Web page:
These results follow on the heels of another time crystal sighting, likewise including Yao’s group, released in Science a number of months back. There, scientists observed a so-called prethermal time crystal, where the subharmonic oscillations are supported through high-frequency driving. The experiments were carried out in Monroe’s laboratory at the University of Maryland utilizing a one-dimensional chain of caught atomic ions, the very same system that observed the very first signatures of time crystalline characteristics over 5 years back. Interestingly, unlike the many-body localized time crystal, which represents an innately quantum Floquet stage, prethermal time crystals can exist as either quantum or classical stages of matter.

Many open concerns stay. Are there useful applications for time crystals? Can dissipation aid to extend a time crystal’s life times? And, more typically, how and when do driven quantum systems equilibrate? The reported outcomes show that spin flaws in solids are a versatile platform for experimentally studying these essential open concerns in analytical physics.

“The ability to isolate the spins from their environment while still being able to control their interactions offers an amazing opportunity to study how information is preserved or lost,” stated UC Berkeley college student FranciscoMachado “It will be fascinating to see what comes next.”

References:

“Many-body-localized discrete time crystal with a programmable spin-based quantum simulator” by J. Randall, C. E. Bradley, F. V. van der Gronden, A. Galicia, M. H. Abobeih, M. Markham, D. J. Twitchen, F. Machado, N. Y. Yao and T. H. Taminiau, 4 November 2021, Science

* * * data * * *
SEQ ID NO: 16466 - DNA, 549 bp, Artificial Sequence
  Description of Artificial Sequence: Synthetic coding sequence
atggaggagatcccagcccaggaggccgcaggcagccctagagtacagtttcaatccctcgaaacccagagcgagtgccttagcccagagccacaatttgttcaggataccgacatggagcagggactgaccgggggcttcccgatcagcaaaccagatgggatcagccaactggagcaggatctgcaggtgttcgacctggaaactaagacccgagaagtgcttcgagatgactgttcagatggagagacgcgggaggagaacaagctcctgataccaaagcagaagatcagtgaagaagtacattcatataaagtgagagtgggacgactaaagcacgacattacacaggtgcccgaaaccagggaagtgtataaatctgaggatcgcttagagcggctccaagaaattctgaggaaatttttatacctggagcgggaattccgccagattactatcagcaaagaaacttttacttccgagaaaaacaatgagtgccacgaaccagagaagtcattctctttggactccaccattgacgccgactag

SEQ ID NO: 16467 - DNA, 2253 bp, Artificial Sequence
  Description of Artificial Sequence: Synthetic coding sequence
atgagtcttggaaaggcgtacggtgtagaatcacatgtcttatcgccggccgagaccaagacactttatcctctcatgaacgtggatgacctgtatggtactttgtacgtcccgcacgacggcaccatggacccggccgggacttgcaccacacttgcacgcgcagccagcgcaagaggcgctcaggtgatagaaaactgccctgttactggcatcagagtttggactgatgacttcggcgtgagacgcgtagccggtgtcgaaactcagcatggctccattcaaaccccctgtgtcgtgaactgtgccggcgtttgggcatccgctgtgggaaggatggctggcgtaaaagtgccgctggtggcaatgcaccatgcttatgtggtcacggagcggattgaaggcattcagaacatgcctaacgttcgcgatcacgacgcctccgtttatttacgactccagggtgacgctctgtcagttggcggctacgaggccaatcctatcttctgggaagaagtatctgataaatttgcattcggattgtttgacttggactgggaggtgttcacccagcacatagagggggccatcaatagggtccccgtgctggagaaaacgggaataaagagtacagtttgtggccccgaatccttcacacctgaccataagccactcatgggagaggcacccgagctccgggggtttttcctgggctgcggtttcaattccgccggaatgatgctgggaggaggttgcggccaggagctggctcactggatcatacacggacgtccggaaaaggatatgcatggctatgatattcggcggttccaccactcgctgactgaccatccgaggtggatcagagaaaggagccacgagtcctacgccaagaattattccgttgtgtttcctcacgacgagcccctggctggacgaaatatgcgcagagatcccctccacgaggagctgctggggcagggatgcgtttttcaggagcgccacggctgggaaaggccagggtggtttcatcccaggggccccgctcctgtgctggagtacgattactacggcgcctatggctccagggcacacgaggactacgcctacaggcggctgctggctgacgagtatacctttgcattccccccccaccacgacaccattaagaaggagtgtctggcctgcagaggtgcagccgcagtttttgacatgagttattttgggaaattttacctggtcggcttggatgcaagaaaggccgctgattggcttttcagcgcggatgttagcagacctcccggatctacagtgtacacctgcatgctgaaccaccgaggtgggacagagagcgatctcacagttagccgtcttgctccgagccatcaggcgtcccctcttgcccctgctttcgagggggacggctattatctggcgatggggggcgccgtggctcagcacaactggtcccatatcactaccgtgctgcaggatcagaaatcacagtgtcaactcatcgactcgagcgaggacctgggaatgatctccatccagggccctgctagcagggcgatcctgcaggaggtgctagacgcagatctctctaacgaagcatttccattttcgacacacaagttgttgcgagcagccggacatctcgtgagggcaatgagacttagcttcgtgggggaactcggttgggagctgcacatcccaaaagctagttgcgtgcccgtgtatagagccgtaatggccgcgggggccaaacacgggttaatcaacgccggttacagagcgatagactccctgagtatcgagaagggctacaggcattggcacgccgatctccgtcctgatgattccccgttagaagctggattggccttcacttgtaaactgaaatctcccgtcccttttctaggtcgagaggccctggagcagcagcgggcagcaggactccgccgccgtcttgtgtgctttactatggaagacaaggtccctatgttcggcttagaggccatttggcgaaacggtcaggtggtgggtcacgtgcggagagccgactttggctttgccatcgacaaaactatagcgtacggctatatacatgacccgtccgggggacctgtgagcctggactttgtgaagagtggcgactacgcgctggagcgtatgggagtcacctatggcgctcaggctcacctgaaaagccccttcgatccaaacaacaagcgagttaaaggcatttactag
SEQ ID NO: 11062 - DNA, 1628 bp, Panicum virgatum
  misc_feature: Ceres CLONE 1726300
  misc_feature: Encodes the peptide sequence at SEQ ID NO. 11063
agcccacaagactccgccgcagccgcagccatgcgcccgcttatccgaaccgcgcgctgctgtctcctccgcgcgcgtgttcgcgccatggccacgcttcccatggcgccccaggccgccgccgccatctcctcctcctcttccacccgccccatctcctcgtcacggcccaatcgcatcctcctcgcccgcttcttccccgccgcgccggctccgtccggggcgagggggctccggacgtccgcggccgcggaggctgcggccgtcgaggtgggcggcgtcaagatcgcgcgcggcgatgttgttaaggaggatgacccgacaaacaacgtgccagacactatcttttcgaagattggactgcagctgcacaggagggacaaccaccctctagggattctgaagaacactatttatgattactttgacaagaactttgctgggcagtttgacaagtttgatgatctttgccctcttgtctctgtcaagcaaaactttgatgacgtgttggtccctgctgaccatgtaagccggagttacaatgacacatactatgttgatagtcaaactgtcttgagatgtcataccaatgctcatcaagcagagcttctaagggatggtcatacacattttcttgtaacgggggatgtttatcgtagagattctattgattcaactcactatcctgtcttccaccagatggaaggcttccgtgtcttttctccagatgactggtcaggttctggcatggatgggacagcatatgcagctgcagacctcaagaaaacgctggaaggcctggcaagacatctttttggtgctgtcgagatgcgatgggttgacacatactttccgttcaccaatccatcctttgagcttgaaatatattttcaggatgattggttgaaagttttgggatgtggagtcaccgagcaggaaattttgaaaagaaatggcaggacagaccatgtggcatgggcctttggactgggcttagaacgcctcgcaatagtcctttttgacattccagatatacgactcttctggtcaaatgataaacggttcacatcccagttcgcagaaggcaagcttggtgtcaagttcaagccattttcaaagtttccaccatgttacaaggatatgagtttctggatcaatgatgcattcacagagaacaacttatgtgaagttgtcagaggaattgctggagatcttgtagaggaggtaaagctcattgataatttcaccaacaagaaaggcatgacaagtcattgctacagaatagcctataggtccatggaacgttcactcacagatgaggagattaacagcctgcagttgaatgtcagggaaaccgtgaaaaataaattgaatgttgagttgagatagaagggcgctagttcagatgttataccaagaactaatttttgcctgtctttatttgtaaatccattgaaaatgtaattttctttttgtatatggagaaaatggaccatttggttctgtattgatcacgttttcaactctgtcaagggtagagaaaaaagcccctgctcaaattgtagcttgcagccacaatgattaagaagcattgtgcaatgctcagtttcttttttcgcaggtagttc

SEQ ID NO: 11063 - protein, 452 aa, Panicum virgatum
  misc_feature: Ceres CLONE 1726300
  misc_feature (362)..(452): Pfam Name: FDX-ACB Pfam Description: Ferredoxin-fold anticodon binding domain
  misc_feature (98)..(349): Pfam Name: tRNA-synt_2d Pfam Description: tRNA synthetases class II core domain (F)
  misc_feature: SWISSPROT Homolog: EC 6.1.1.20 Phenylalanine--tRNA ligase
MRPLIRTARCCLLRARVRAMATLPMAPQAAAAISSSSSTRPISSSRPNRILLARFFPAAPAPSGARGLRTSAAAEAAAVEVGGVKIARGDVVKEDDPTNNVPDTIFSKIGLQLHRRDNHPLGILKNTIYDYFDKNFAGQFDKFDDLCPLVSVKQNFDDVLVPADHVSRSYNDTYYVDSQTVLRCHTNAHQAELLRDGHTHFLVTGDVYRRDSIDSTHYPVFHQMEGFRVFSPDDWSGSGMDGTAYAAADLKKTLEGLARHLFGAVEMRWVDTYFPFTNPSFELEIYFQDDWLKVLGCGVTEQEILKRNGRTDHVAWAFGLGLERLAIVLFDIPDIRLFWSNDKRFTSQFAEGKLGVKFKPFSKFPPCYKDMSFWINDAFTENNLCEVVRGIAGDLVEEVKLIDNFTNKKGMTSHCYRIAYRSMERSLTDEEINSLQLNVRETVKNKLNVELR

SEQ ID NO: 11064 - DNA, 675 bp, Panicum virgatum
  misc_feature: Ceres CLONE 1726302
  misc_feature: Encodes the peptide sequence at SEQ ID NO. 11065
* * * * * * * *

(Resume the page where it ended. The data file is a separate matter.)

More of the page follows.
DOI: 10.1126/ science.abk0603

“Observation of Time-Crystalline Eigenstate Order on a Quantum Processor” by Xiao Mi, Matteo Ippoliti, Chris Quintana, Ami Greene, Zijun Chen, Jonathan Gross, Frank Arute, Kunal Arya, Juan Atalaya, Ryan Babbush, Joseph C. Bardin, Joao Basso, Andreas Bengtsson, Alexander Bilmes, Alexandre Bourassa, Leon Brill, Michael Broughton, Bob B. Buckley, David A. Buell, Brian Burkett, Nicholas Bushnell, Benjamin Chiaro, Roberto Collins, William Courtney, Dripto Debroy, Sean Demura, Alan R. Derk, Andrew Dunsworth, Daniel Eppens, Catherine Erickson, Edward Farhi, Austin G. Fowler, Brooks Foxen, Craig Gidney, Marissa Giustina, Matthew P. Harrigan, Sean D. Harrington, Jeremy Hilton, Alan Ho, Sabrina Hong, Trent Huang, Ashley Huff, William J. Huggins, L. B. Ioffe, Sergei V. Isakov, Justin Iveland, Evan Jeffrey, Zhang Jiang, Cody Jones, Dvir Kafri, Tanuj Khattar, Seon Kim, Alexei Kitaev, Paul V. Klimov, Alexander N. Korotkov, Fedor Kostritsa, David Landhuis, Pavel Laptev, Joonho Lee, Kenny Lee, Aditya Locharla, Erik Lucero, Orion Martin, Jarrod R. McClean, Trevor McCourt, Matt McEwen, Kevin C. Miao, Masoud Mohseni, Shirin Montazeri, Wojciech Mruczkiewicz, Ofer Naaman, Matthew Neeley, Charles Neill, Michael Newman, Murphy Yuezhen Niu, Thomas E. O’ Brien, Alex Opremcak, Eric Ostby, Balint Pato, Andre Petukhov, Nicholas C. Rubin, Daniel Sank, Kevin J. Satzinger, Vladimir Shvarts, Yuan Su, Doug Strain, Marco Szalay, Matthew D. Trevithick, Benjamin Villalonga, Theodore White, Z. Jamie Yao, Ping Yeh, Juhwan Yoo, Adam Zalcman, Hartmut Neven, Sergio Boixo, Vadim Smelyanskiy, Anthony Megrant, Julian Kelly, Yu Chen, S. L. Sondhi, Roderich Moessner, Kostyantyn Kechedzhi, Vedika Khemani and Pedram Roushan, 28 July 2021, Quantum Physics
arXiv: 2107.13571

“Observation of a prethermal discrete time crystal” by A. Kyprianidis, F. Machado, W. Morong, P. Becker, K. S. Collins, D. V. Else, L. Feng, P. W. Hess, C. Nayak, G. Pagano, N. Y. Yao and C. Monroe, 11 June 2021, Science
DOI: 10.1126/ science.abg8102